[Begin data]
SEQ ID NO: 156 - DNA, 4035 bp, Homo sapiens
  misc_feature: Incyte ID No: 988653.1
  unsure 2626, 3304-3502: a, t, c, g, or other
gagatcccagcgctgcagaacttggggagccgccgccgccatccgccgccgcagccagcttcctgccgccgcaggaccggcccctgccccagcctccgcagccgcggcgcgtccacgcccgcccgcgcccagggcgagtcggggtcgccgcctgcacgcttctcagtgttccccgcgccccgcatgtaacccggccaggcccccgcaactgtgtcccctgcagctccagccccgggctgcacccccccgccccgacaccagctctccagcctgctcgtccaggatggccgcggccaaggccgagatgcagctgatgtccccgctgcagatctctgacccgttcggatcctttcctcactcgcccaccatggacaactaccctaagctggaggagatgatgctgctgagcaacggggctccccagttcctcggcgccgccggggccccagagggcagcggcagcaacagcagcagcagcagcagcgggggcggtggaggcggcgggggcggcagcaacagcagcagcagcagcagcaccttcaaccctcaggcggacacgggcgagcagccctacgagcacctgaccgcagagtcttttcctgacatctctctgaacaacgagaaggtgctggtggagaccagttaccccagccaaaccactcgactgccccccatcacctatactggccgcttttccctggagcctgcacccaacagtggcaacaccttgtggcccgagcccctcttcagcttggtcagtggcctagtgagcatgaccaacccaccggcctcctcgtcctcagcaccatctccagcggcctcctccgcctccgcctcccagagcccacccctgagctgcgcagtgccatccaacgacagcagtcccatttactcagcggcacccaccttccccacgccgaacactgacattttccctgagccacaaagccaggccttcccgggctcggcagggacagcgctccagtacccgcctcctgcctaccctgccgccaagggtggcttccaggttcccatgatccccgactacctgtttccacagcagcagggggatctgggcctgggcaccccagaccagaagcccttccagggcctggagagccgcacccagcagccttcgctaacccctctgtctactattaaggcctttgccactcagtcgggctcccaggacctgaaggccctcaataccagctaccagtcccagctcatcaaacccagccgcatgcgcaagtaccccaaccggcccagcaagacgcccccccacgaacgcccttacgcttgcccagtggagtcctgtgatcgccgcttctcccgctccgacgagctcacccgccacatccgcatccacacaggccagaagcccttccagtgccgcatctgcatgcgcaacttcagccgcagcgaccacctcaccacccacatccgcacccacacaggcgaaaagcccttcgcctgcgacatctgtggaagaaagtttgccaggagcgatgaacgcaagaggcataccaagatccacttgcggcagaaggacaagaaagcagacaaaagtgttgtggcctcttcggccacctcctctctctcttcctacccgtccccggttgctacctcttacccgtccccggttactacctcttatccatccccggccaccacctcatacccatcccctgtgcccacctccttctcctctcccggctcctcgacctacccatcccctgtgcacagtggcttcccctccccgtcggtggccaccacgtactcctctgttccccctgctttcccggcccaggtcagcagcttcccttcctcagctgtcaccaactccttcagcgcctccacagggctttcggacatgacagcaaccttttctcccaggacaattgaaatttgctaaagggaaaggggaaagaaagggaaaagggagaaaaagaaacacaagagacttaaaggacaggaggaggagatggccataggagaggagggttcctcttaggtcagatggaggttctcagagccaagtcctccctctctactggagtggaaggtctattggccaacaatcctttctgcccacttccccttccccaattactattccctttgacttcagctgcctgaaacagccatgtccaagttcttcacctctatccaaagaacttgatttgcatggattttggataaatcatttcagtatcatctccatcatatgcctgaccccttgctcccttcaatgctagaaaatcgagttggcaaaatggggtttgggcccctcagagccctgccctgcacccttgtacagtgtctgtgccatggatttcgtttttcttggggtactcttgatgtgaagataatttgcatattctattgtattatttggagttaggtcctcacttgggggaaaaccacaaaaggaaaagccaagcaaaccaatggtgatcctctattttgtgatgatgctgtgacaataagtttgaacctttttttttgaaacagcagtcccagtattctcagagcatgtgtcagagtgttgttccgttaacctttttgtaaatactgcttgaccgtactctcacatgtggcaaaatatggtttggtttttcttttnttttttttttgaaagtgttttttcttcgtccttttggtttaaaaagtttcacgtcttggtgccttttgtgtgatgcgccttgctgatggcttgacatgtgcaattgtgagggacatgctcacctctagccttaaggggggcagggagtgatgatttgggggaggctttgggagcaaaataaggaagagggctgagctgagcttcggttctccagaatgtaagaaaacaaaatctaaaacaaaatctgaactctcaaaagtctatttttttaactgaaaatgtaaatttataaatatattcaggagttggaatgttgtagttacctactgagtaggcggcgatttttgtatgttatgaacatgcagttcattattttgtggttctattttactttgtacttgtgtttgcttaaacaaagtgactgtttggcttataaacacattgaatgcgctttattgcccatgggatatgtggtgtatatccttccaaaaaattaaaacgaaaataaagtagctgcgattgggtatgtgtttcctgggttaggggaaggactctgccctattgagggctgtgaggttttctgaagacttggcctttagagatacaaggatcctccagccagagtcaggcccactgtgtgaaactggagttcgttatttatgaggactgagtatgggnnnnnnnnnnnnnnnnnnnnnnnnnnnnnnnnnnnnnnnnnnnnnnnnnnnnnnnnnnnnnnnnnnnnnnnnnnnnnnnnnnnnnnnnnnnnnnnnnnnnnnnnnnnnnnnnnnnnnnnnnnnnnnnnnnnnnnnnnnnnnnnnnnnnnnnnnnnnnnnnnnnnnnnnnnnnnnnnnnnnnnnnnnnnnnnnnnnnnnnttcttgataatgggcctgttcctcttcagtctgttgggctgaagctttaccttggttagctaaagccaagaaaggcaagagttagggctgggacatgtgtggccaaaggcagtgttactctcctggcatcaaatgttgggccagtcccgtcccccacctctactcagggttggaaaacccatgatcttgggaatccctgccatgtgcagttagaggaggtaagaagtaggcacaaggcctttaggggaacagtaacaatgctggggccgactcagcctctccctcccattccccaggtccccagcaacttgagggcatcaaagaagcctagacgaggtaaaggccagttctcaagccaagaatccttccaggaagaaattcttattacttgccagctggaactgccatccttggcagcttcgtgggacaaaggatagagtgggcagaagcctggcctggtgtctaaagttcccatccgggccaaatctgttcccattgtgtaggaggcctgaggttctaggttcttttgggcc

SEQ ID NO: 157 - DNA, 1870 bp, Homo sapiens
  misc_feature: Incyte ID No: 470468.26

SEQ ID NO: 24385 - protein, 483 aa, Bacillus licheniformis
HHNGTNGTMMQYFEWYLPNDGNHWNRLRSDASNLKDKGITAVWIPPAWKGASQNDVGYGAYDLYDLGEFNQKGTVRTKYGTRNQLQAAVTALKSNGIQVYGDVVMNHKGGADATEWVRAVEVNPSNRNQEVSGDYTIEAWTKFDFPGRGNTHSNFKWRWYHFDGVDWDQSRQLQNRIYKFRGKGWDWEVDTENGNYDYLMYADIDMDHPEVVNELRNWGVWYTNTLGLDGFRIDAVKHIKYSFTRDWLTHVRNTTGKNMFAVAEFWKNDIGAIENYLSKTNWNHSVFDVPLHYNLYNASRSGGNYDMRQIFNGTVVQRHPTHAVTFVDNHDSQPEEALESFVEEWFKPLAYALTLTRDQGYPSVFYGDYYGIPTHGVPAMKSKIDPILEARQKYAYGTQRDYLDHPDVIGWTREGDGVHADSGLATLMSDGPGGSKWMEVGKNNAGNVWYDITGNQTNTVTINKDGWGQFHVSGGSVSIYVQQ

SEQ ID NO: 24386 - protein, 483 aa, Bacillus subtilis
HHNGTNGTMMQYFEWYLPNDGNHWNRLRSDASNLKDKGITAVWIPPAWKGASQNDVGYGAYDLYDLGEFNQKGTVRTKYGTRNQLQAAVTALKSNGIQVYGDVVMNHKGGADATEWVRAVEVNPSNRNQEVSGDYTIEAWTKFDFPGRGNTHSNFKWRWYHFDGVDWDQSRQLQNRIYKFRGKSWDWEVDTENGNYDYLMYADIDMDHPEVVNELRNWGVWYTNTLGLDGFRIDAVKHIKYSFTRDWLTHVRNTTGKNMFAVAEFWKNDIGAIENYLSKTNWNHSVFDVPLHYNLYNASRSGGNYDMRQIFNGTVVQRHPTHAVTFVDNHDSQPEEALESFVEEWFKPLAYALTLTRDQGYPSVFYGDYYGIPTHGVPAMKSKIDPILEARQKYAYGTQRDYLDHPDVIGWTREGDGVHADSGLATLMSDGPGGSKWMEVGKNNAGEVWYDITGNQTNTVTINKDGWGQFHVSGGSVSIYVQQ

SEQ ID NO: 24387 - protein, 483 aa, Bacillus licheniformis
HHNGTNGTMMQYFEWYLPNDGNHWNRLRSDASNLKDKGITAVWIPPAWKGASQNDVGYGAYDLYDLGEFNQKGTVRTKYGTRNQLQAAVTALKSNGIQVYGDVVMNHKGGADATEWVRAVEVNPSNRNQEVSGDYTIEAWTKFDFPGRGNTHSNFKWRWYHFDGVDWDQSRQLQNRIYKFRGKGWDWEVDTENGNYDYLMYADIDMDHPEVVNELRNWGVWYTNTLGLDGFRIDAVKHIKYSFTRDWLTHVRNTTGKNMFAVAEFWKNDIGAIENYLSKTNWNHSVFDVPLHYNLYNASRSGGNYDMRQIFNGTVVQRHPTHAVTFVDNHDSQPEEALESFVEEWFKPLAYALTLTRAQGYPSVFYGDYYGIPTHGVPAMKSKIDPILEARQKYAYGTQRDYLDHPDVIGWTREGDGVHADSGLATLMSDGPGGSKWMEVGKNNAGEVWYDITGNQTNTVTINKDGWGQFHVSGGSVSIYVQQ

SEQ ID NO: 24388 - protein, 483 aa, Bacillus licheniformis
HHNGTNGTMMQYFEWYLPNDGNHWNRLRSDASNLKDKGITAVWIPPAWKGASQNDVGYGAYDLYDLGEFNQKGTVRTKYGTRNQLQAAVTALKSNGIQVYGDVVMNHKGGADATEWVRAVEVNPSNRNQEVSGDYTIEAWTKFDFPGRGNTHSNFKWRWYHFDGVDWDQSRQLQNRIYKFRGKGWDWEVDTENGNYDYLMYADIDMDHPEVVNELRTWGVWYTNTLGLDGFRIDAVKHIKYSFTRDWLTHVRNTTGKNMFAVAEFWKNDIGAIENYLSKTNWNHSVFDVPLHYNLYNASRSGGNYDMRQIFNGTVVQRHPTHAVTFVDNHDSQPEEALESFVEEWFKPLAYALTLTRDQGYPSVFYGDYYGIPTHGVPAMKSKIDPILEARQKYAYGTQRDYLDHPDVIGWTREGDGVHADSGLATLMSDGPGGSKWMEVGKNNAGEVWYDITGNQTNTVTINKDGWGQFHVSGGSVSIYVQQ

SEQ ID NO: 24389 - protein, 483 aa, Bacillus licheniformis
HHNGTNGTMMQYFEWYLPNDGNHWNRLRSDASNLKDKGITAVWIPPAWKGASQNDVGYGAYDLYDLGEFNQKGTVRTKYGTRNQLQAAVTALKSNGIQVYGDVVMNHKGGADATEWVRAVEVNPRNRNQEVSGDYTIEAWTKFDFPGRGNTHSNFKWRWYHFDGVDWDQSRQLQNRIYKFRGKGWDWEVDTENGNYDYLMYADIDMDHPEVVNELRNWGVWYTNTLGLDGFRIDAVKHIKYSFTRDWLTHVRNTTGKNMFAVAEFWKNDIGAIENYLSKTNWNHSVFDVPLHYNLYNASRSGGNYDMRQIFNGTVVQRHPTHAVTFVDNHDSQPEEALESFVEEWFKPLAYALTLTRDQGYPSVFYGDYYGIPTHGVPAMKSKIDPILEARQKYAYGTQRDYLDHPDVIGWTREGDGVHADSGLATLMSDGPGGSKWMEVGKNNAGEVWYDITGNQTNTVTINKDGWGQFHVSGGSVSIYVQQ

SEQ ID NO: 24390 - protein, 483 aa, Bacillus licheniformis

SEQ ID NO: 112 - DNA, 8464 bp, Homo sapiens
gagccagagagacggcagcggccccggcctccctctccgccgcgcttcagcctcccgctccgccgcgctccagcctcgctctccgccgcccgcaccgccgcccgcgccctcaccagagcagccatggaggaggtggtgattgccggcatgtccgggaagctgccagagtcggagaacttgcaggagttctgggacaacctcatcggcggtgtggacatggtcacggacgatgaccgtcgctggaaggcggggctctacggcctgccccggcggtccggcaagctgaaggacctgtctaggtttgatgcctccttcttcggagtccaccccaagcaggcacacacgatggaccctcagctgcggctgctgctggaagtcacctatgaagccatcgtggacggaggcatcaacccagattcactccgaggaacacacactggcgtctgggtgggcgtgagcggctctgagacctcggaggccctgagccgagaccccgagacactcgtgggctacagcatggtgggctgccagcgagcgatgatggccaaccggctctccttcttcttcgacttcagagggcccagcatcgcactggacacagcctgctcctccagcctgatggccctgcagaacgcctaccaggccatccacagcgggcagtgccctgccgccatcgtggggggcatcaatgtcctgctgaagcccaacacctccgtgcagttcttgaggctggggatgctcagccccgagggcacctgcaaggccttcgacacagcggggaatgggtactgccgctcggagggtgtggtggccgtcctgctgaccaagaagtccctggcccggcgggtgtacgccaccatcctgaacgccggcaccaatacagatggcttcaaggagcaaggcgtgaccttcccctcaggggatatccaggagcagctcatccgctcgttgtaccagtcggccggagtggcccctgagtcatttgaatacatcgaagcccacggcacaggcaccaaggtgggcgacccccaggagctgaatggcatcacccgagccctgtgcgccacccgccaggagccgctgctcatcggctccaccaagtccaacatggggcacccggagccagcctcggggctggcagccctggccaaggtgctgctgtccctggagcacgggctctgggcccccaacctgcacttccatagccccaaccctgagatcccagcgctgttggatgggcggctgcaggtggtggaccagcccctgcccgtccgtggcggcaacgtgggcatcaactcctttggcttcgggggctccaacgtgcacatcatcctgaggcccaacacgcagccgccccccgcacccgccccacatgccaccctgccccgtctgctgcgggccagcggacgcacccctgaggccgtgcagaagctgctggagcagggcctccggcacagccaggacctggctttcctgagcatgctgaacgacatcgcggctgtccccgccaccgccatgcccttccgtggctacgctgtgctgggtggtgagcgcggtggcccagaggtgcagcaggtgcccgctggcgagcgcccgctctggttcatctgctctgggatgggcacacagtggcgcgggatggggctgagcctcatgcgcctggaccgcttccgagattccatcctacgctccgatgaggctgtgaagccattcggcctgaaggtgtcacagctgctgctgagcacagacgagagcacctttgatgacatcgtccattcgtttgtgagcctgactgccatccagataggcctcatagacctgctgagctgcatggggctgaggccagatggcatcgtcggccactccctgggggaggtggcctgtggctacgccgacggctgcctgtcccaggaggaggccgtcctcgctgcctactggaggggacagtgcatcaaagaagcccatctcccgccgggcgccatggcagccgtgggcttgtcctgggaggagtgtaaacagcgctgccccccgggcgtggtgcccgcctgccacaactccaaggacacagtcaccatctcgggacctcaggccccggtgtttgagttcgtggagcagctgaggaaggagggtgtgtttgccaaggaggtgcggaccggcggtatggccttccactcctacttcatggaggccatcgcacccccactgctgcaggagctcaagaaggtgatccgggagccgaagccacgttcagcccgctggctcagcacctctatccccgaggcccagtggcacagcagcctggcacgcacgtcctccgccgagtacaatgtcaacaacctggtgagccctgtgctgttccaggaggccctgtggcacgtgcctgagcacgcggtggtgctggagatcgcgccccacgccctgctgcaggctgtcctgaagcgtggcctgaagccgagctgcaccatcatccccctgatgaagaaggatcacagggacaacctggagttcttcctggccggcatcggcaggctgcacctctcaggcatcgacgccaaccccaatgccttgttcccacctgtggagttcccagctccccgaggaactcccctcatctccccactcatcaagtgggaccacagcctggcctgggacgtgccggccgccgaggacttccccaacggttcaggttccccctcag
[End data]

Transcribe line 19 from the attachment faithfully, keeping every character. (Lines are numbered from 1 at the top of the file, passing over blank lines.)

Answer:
gagccagagagacggcagcggccccggcctccctctccgccgcgcttcagcctcccgctccgccgcgctccagcctcgctctccgccgcccgcaccgccgcccgcgccctcaccagagcagccatggaggaggtggtgattgccggcatgtccgggaagctgccagagtcggagaacttgcaggagttctgggacaacctcatcggcggtgtggacatggtcacggacgatgaccgtcgctggaaggcggggctctacggcctgccccggcggtccggcaagctgaaggacctgtctaggtttgatgcctccttcttcggagtccaccccaagcaggcacacacgatggaccctcagctgcggctgctgctggaagtcacctatgaagccatcgtggacggaggcatcaacccagattcactccgaggaacacacactggcgtctgggtgggcgtgagcggctctgagacctcggaggccctgagccgagaccccgagacactcgtgggctacagcatggtgggctgccagcgagcgatgatggccaaccggctctccttcttcttcgacttcagagggcccagcatcgcactggacacagcctgctcctccagcctgatggccctgcagaacgcctaccaggccatccacagcgggcagtgccctgccgccatcgtggggggcatcaatgtcctgctgaagcccaacacctccgtgcagttcttgaggctggggatgctcagccccgagggcacctgcaaggccttcgacacagcggggaatgggtactgccgctcggagggtgtggtggccgtcctgctgaccaagaagtccctggcccggcgggtgtacgccaccatcctgaacgccggcaccaatacagatggcttcaaggagcaaggcgtgaccttcccctcaggggatatccaggagcagctcatccgctcgttgtaccagtcggccggagtggcccctgagtcatttgaatacatcgaagcccacggcacaggcaccaaggtgggcgacccccaggagctgaatggcatcacccgagccctgtgcgccacccgccaggagccgctgctcatcggctccaccaagtccaacatggggcacccggagccagcctcggggctggcagccctggccaaggtgctgctgtccctggagcacgggctctgggcccccaacctgcacttccatagccccaaccctgagatcccagcgctgttggatgggcggctgcaggtggtggaccagcccctgcccgtccgtggcggcaacgtgggcatcaactcctttggcttcgggggctccaacgtgcacatcatcctgaggcccaacacgcagccgccccccgcacccgccccacatgccaccctgccccgtctgctgcgggccagcggacgcacccctgaggccgtgcagaagctgctggagcagggcctccggcacagccaggacctggctttcctgagcatgctgaacgacatcgcggctgtccccgccaccgccatgcccttccgtggctacgctgtgctgggtggtgagcgcggtggcccagaggtgcagcaggtgcccgctggcgagcgcccgctctggttcatctgctctgggatgggcacacagtggcgcgggatggggctgagcctcatgcgcctggaccgcttccgagattccatcctacgctccgatgaggctgtgaagccattcggcctgaaggtgtcacagctgctgctgagcacagacgagagcacctttgatgacatcgtccattcgtttgtgagcctgactgccatccagataggcctcatagacctgctgagctgcatggggctgaggccagatggcatcgtcggccactccctgggggaggtggcctgtggctacgccgacggctgcctgtcccaggaggaggccgtcctcgctgcctactggaggggacagtgcatcaaagaagcccatctcccgccgggcgccatggcagccgtgggcttgtcctgggaggagtgtaaacagcgctgccccccgggcgtggtgcccgcctgccacaactccaaggacacagtcaccatctcgggacctcaggccccggtgtttgagttcgtggagcagctgaggaaggagggtgtgtttgccaaggaggtgcggaccggcggtatggccttccactcctacttcatggaggccatcgcacccccactgctgcaggagctcaagaaggtgatccgggagccgaagccacgttcagcccgctggctcagcacctctatccccgaggcccagtggcacagcagcctggcacgcacgtcctccgccgagtacaatgtcaacaacctggtgagccctgtgctgttccaggaggccctgtggcacgtgcctgagcacgcggtggtgctggagatcgcgccccacgccctgctgcaggctgtcctgaagcgtggcctgaagccgagctgcaccatcatccccctgatgaagaaggatcacagggacaacctggagttcttcctggccggcatcggcaggctgcacctctcaggcatcgacgccaaccccaatgccttgttcccacctgtggagttcccagctccccgaggaactcccctcatctccccactcatcaagtgggaccacagcctggcctgggacgtgccggccgccgaggacttccccaacggttcaggttccccctcag